There’s a symbolic language that is left behind long after many train riders and rail workers have moved on. Whether it stems from boredom, creativity or the need to communicate with others, people have been leaving their marks in and around rail yards for over a hundred years.
The majority of riding trains involves sitting and waiting. The hard fact is that the railroad is its own animal and doesn’t run on anyone’s time. If a train is late, well then too bad; it’s late. We ended up having to wait almost 48 hours to catch a train out of this spot.
Justin looks down on several different outbound trains, trying to identify the which one is leaving soonest. The view from the bridge offers the opportunity to scan the train for a rideable car before entering the train yard. After some deliberation we chose an open boxcar for our ride.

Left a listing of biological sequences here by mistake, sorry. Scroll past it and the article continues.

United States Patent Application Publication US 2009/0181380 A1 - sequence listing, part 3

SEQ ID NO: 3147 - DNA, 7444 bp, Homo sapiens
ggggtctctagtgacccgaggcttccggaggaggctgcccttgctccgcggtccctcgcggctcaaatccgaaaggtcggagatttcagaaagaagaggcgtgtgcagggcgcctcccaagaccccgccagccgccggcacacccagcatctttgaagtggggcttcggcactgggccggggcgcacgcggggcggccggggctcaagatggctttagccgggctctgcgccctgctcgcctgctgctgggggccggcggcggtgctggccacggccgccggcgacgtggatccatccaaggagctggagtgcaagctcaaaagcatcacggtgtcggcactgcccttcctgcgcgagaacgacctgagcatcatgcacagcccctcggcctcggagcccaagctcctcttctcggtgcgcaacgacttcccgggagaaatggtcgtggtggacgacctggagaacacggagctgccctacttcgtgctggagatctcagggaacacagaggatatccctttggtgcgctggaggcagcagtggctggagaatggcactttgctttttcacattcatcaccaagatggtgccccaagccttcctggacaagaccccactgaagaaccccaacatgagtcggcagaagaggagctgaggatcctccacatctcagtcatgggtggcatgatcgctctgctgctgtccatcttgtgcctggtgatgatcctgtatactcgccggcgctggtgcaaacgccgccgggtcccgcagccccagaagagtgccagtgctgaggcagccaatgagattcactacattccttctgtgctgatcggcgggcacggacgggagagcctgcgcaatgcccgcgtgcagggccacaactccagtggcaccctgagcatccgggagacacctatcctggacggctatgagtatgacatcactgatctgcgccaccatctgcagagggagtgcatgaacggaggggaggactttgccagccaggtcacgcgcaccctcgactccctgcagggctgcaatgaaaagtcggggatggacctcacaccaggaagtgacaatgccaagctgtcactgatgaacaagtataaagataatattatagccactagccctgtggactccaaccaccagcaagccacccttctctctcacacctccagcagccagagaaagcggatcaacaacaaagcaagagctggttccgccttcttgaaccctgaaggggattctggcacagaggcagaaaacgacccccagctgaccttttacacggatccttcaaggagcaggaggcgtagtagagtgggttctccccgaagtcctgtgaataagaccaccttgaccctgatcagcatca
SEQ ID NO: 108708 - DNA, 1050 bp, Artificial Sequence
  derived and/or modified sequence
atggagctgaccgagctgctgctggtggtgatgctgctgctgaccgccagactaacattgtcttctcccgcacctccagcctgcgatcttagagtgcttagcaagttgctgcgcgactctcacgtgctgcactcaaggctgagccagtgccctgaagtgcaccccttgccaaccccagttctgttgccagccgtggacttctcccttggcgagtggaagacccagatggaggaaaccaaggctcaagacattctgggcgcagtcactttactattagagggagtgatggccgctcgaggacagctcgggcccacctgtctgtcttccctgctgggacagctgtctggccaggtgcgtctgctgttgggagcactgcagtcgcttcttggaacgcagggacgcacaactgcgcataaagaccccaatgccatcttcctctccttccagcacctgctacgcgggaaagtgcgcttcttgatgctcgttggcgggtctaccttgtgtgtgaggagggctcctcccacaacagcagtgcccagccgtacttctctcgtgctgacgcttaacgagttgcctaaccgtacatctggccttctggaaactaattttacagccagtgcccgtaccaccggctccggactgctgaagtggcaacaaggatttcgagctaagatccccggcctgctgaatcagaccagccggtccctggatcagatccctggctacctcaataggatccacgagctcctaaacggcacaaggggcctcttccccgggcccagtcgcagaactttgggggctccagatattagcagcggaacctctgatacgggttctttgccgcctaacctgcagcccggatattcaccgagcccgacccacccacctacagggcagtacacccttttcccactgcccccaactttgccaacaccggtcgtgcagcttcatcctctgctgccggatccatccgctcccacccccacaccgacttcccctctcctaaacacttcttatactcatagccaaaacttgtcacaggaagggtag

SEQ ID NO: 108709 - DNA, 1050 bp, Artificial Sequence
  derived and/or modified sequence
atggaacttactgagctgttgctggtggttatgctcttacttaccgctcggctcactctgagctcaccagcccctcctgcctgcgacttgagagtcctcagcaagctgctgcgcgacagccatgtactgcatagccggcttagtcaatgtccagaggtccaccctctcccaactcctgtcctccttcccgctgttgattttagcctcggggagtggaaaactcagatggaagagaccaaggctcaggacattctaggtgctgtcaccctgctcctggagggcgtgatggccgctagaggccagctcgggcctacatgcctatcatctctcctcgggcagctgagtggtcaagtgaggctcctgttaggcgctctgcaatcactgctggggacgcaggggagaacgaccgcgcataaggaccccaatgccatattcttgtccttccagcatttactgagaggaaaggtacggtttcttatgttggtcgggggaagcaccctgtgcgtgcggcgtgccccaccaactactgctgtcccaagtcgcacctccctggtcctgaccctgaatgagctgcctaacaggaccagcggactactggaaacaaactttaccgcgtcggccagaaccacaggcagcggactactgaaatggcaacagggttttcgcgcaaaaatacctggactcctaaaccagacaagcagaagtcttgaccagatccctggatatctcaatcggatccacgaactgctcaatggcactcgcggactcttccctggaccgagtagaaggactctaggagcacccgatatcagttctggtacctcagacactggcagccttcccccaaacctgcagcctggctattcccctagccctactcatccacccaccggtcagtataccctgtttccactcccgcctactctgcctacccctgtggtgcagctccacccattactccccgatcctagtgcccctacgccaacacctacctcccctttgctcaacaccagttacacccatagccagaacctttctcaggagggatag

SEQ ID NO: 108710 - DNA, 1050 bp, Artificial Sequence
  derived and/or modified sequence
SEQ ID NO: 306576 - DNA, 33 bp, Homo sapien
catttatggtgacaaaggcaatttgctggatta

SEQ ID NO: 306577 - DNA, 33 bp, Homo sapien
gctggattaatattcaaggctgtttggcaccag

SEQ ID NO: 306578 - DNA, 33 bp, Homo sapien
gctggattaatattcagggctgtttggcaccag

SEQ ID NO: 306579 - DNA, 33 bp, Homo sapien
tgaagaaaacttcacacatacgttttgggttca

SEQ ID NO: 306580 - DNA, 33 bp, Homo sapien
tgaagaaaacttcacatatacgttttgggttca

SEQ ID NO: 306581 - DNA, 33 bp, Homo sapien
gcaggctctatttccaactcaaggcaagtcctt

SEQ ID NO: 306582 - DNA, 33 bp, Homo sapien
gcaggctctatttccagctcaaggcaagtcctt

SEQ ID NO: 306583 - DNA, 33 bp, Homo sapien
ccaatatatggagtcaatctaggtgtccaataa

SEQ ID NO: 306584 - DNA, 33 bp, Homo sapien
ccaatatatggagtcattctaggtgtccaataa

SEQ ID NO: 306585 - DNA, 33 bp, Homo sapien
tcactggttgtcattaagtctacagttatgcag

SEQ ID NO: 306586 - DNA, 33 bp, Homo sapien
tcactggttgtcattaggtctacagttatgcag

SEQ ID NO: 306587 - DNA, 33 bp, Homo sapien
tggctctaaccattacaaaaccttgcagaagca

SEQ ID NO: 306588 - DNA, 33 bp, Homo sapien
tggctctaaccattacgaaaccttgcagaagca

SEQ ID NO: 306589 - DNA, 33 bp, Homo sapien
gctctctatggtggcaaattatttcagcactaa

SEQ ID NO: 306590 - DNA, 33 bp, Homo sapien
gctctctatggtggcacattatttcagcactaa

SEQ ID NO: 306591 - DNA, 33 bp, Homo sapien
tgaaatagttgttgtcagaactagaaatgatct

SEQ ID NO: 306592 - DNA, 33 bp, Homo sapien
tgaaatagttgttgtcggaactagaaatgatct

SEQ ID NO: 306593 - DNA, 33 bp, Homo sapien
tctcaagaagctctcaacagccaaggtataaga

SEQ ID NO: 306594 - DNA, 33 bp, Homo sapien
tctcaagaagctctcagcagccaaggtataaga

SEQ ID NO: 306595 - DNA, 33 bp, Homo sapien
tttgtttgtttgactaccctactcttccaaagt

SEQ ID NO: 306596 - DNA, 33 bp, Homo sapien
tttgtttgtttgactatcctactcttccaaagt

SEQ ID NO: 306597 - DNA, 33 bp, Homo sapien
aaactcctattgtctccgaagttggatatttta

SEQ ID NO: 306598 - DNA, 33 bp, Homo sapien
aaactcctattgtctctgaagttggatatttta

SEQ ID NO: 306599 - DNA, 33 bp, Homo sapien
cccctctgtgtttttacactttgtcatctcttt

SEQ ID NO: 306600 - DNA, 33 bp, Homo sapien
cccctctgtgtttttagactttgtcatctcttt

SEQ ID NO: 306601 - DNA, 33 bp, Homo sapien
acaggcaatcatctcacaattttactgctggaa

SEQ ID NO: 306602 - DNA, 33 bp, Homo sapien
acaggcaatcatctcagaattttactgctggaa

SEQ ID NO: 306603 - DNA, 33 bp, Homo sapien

You look pretty clean cut. Do you ever get strange looks from the crustier guys riding the trains?
If you’re really out there on the road, you’re going to get dirty no matter what. After riding for about an hour you’re as dirty as anyone else out there.
Do you know any other skaters that hop trains?
Q-Man has some history riding trains. There was a film called The Mission where he walked straight from Burnside and caught a train to Seattle. I heard that Red and Monk used to ride trains way back and even took a trip from Seattle to Florida. Those guys are really raw dudes—always have been.
I’ve always had so much respect for Q-man. The stories and folklore about him are endless. It also rules to see how much time and energy he spends at Burnside cleaning up, skating and hyping people up, and putting people in check who are blowing it. Q has some history riding trains as well, which isn’t surprising. He’s one of the rawest dudes out there.